Georgia police have arrested a pair of men who allegedly scammed hotels out of thousands by impersonating high-profile music-industry figures and rap artists, including members of the Wu-Tang Clan.
The scammers’ leaders, Walker Washington and Aaron Barnes-Burpo, reportedly transported their makeshift crew in a (stolen) Rolls Royce, assumed various Wu-Tang Clan identities, supplied hotel employees with falsified credentials and stolen credit cards, and received more than $100,000 worth of stays and services from luxury establishments. Specifically, Atlanta’s Georgian Terrace Hotel was separated from $45,000, the Hyatt Regency Atlanta parted with $39,000, and the rightful owner of the Rolls Royce, a limousine company, cited losses of over $60,000.
And in an arguably bolder display that, for the public’s sake, requires explanation, the group is said to have put record labels on the hook for over $17,000 by visiting multiple recording studios.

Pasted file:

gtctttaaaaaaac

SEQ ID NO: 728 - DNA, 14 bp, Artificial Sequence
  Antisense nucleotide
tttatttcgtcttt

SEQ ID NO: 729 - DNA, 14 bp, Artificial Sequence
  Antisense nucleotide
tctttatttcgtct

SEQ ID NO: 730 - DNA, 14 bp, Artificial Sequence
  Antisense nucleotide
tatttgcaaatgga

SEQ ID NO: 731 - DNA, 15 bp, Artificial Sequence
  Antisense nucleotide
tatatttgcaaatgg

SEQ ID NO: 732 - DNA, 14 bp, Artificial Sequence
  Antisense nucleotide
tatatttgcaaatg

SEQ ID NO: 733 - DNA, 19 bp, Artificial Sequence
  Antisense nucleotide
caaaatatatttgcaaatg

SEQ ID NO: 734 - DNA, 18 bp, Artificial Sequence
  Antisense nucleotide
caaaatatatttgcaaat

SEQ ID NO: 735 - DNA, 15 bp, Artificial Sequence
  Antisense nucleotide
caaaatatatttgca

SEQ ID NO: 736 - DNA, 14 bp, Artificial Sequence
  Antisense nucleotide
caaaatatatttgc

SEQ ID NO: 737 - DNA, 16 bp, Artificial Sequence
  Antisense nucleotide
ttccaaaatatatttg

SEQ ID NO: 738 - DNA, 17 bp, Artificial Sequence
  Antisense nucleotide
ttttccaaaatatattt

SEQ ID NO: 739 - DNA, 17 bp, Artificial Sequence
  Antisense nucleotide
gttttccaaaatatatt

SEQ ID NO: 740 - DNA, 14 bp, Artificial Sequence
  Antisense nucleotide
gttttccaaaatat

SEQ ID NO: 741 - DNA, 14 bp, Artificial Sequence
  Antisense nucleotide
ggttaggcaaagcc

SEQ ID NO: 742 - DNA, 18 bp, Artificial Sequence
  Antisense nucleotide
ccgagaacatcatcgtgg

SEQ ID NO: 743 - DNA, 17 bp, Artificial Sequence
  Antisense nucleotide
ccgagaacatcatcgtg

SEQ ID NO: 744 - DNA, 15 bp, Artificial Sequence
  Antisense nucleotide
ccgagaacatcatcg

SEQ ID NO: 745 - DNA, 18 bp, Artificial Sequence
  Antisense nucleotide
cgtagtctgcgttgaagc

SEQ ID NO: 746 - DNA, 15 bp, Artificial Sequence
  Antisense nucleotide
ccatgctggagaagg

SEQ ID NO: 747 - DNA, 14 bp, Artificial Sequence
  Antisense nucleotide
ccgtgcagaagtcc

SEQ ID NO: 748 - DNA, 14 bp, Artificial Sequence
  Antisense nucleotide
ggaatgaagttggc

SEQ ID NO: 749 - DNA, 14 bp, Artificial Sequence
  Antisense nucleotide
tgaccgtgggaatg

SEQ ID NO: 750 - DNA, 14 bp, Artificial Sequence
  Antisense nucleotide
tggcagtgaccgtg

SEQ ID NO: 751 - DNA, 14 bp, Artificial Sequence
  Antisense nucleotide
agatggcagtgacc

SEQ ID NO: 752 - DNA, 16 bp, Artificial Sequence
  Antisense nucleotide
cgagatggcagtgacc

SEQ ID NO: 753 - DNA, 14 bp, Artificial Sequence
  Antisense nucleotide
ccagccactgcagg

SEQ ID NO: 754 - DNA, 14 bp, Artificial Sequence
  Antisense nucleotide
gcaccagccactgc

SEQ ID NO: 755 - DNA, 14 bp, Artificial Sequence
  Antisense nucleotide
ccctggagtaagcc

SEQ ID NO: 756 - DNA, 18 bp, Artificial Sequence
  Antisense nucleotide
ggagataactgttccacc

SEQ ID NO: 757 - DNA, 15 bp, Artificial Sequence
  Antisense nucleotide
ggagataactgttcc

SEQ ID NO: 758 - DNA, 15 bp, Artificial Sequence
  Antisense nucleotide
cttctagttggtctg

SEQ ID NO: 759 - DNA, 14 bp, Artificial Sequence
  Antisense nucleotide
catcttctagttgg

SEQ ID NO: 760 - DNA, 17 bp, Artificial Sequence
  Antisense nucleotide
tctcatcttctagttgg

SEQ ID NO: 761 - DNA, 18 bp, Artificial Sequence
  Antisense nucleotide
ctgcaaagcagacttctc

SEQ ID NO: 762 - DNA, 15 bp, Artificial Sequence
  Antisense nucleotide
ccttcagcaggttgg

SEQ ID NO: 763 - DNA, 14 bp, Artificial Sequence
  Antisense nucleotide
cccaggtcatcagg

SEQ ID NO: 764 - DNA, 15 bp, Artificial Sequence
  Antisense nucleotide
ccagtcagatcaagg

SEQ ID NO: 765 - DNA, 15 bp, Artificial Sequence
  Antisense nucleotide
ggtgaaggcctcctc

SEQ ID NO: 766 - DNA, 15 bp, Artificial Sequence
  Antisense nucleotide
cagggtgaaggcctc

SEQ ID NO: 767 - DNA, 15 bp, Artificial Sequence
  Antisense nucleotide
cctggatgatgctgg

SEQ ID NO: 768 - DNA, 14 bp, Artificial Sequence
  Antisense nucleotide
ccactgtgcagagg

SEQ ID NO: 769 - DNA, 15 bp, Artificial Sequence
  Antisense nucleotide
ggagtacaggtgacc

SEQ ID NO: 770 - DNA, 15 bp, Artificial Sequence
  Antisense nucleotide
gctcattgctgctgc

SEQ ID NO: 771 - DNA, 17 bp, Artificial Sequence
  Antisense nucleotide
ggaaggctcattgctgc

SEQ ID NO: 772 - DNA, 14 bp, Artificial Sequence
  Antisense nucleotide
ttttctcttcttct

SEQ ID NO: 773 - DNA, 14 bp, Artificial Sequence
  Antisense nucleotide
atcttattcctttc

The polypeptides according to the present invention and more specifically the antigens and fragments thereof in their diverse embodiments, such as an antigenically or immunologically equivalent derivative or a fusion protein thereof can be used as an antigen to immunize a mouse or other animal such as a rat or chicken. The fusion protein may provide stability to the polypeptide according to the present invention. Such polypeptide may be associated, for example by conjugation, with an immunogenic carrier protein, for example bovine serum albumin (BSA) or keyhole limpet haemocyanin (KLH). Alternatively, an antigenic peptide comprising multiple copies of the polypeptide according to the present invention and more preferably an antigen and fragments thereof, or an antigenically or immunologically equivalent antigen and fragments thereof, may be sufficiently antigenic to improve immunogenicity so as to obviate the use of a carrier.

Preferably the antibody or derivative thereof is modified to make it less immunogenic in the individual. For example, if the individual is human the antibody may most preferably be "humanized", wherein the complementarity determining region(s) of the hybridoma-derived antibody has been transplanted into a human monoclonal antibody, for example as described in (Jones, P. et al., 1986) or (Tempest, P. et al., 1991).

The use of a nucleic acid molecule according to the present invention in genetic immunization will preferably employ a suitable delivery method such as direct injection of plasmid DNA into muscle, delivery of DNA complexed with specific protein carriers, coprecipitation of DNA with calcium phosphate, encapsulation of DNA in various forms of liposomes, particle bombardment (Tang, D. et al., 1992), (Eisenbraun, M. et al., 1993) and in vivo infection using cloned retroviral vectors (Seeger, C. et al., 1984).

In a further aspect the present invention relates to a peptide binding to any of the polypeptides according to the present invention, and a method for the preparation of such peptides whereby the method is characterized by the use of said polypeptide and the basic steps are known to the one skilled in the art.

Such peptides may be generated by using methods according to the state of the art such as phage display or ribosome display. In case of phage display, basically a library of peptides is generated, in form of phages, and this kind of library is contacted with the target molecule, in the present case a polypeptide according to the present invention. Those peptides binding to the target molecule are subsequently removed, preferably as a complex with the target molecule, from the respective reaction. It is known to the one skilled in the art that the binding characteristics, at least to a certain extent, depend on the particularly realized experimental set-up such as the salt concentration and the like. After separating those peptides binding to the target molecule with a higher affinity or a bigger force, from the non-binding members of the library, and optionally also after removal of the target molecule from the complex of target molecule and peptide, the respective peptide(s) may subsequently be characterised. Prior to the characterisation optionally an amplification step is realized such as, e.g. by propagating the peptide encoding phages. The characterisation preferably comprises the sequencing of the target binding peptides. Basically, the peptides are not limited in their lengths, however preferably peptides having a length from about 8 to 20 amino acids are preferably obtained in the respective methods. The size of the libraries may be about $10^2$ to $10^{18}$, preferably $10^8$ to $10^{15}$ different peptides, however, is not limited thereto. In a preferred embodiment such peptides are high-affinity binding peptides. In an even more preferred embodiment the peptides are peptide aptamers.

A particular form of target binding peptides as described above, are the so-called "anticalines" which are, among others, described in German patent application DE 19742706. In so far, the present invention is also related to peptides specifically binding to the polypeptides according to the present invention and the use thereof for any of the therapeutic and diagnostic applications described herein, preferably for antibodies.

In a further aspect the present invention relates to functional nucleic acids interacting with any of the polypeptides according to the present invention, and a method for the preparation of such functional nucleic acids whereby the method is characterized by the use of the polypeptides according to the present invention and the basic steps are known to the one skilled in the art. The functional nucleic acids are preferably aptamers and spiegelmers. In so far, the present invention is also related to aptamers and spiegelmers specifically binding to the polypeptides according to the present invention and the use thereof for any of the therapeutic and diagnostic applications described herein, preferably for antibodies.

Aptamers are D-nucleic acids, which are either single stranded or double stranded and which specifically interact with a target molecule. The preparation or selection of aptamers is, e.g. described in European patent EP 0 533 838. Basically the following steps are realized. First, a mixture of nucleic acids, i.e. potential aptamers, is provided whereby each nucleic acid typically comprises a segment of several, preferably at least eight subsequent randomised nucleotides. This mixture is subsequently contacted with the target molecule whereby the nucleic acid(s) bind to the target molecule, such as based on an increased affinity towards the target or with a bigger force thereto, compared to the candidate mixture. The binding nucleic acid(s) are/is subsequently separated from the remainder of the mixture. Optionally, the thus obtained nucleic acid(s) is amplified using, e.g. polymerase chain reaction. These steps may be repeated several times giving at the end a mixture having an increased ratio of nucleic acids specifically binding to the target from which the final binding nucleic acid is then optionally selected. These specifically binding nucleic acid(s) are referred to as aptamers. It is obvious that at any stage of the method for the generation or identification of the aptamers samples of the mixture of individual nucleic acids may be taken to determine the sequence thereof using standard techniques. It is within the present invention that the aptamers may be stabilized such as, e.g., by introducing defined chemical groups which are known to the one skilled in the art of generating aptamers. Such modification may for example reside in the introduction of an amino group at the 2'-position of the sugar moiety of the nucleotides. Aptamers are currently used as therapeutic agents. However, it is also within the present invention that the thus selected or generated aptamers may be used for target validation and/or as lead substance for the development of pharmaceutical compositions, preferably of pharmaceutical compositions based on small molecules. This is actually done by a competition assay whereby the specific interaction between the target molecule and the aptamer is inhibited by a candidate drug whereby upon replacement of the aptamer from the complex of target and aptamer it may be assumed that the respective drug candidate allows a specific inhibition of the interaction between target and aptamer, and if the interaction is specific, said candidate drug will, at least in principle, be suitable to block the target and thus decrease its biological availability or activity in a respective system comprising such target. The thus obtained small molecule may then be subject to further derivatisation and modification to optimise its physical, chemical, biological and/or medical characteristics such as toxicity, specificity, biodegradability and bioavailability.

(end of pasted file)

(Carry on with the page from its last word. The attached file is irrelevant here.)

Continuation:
The simple-but-effective idea took the alleged perpetrators all around Georgia. However, the scammers’ tremendous luck finally failed them in Augusta, where they ordered 10 rooms for “the Wu-Tang Clan and Roc Nation execs.” A suspicious hotel manager called Roc Nation, who said that they weren’t affiliated with the individuals; upon attempting to check in, the group was apprehended by law enforcement professionals.
Multiple group members claimed to be homeless and said that they’d been hired to pose as bodyguards; they and others were deemed to have played a minor role in the scheme and were released. The two aforementioned suspects, Walker Washington and Aaron Barnes-Burpo, are currently facing charges of conspiracy to commit wire fraud and aggravated identity theft. The latter, a felony, is punishable by up to 15 years behind bars and a $250,000 fine under Georgia law.
The Wu-Tang Clan ain’t nuthing ta f’ wit…and neither are felony charges.
The Wu-Tang Clan members themselves haven’t commented publicly on the story. Their Hulu show, Wu-Tang: An American Saga, was recently renewed for a second season, which is expected to begin production in the coming months.